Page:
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Gender Trouble at Abu Ghraib?

Published online by Cambridge University Press:  29 March 2006

Timothy Kaufman-Osborn
Whitman College


This essay explores the controversy spawned by the release, in April, 2004, of the photographs taken by U.S. military personnel at the Abu Ghraib prison in Baghdad. Its particular concern is with photographs that depict American servicewomen engaged in various forms of abusive conduct against Iraqi prisoners. In its opening half, the essay examines and criticizes the responses to these photographs offered, first, by right-wing commentators and, second, by American feminists, most notably Barbara Ehrenreich. All read these photographs as a referendum on feminism and, more particularly, its commitment to the cause of gender equality; and all do so, I argue, on the basis of a naive understanding of gender. In its latter half, accordingly, the essay offers a more adequate understanding of gender, one loosely grounded in the work of Judith Butler and the concept of performativity. Referencing various official interrogation manuals, as well as the investigative reports released in the wake of this scandal, the essay employs this concept in offering a more adequate account of the gendered import of the deeds depicted in the Abu Ghraib photographs. It concludes by arguing that what is important about these photographs is neither whether the perpetrators of the exploitation they depict are male or female, nor whether the deeds they portray somehow compromise the feminist quest for gender equality. Rather, what is important are the multiple ways in which specifically gendered practices, which can be detached from the bodies they conventionally regulate, are deployed as elements within a more comprehensive network of technologies aimed at disciplining prisoners and so confirming their status as abject subjects of U.S. military power.This essay has its origins in a roundtable titled “Gender Relations in the Age of Neo-Liberalism,” which was conducted in conjunction with the 2005 meeting of the Western Political Science Association. I wish to thank the other participations on that roundtable, Jane Bayes, Mary Hawkesworth, and Judith Hicks Stiehm, as well as Paul Apostolidis, Renee Heberle, Jinee Lokaneeta, Jeannie Morefield, Aaron Perrine, Kari Tupper, and three anonymous reviewers for their comments on earlier drafts of the essay.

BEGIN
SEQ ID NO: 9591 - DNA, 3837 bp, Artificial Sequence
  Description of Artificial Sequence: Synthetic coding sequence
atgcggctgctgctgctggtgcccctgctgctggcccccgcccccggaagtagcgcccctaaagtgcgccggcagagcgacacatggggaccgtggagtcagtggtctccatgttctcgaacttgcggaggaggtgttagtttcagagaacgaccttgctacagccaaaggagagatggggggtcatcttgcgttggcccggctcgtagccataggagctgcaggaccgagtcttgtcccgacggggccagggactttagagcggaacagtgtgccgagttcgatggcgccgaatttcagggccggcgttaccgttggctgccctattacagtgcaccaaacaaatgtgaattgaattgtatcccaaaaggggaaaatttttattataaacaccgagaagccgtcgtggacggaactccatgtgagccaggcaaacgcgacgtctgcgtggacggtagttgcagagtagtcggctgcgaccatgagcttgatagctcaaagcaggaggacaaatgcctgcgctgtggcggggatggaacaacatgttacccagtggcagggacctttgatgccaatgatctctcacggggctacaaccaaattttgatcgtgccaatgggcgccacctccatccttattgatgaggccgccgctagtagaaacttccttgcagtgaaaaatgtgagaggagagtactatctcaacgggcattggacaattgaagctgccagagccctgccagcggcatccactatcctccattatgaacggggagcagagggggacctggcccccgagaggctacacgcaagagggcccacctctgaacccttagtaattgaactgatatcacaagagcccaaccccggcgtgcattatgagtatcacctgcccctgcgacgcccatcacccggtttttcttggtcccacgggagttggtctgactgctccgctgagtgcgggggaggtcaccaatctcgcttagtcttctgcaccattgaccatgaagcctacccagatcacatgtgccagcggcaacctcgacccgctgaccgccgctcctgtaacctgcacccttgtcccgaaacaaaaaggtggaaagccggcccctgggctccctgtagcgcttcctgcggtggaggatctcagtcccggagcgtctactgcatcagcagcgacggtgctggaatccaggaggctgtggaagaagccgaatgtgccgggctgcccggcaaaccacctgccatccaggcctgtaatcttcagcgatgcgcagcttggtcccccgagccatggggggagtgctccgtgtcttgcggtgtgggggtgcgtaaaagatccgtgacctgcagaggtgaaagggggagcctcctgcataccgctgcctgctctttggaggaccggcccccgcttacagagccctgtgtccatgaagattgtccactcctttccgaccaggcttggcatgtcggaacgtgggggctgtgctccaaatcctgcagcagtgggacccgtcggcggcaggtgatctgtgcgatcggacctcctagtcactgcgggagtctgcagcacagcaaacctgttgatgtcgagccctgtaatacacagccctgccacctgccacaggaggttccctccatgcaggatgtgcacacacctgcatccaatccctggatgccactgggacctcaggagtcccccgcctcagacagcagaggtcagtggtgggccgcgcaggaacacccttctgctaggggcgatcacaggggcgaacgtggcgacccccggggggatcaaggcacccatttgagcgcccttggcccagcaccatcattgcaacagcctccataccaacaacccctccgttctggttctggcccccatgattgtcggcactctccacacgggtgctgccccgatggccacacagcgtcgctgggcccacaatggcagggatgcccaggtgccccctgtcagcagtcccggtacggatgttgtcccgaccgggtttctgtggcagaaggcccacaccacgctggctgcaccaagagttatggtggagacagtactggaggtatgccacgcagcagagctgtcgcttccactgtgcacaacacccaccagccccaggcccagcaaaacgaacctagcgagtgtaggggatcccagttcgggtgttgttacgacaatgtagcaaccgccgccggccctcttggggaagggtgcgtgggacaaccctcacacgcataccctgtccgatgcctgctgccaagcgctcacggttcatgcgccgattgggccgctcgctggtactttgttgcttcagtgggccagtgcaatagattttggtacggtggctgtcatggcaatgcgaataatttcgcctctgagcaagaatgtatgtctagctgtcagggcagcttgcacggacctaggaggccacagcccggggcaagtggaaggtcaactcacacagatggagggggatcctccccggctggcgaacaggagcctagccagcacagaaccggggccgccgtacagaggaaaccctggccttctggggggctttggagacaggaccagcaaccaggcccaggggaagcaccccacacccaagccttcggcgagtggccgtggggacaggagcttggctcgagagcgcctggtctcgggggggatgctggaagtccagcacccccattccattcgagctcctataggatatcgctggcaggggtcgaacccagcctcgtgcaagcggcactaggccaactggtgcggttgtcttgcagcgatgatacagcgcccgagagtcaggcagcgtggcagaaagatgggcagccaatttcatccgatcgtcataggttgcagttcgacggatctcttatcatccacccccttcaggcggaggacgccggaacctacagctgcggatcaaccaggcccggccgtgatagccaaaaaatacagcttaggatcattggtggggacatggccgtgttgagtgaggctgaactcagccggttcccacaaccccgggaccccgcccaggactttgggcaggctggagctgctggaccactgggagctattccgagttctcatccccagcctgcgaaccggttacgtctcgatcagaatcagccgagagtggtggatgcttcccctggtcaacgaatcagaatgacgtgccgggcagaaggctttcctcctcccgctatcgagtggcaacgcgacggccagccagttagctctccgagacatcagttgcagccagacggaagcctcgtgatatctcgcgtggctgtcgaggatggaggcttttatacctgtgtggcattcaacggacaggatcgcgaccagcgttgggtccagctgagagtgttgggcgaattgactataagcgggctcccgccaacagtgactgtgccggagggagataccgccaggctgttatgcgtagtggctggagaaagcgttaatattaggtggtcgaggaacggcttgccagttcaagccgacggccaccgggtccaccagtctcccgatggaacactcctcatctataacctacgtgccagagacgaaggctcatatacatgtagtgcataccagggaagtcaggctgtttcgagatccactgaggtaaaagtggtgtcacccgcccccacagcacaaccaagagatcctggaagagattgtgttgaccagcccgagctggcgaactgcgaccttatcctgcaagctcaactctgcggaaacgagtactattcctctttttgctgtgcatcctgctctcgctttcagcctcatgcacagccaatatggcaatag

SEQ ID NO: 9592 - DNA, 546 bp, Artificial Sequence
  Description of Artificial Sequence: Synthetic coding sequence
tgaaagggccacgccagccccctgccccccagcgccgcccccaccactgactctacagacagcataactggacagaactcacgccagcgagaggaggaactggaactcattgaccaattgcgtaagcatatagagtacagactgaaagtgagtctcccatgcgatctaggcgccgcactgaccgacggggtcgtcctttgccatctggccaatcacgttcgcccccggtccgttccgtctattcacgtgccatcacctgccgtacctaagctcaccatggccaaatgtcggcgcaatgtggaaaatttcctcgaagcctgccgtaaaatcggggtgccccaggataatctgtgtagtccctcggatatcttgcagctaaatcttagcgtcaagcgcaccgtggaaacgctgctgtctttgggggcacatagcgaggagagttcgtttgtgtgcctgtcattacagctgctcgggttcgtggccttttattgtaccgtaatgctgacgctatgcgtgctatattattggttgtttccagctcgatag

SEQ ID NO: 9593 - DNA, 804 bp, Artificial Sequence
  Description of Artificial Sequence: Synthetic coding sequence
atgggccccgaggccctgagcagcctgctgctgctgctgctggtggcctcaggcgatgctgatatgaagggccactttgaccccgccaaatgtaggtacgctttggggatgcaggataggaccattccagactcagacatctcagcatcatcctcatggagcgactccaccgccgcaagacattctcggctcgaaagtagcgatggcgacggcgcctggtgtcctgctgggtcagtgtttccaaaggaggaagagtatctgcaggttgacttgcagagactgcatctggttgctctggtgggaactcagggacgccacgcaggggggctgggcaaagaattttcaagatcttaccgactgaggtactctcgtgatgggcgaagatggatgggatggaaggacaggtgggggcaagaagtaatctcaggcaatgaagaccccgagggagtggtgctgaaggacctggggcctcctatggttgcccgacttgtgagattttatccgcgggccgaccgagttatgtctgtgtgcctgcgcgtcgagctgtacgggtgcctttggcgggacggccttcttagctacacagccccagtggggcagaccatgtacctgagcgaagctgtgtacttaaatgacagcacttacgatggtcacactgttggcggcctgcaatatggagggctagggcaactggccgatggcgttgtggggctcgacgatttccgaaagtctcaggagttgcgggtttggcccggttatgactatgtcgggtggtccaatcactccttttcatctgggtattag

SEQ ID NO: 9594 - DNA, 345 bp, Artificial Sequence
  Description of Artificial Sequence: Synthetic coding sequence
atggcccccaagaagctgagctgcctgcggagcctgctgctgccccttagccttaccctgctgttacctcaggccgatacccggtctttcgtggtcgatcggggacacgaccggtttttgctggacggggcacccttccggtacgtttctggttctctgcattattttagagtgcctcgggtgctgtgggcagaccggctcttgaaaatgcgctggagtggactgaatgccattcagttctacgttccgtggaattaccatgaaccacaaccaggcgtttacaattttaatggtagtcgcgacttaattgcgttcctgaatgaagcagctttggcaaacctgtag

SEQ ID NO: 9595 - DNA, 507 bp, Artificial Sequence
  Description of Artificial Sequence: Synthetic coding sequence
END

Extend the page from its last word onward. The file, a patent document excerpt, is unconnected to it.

Research Article
© 2005 The Women and Politics Research Section of the American Political Science Association

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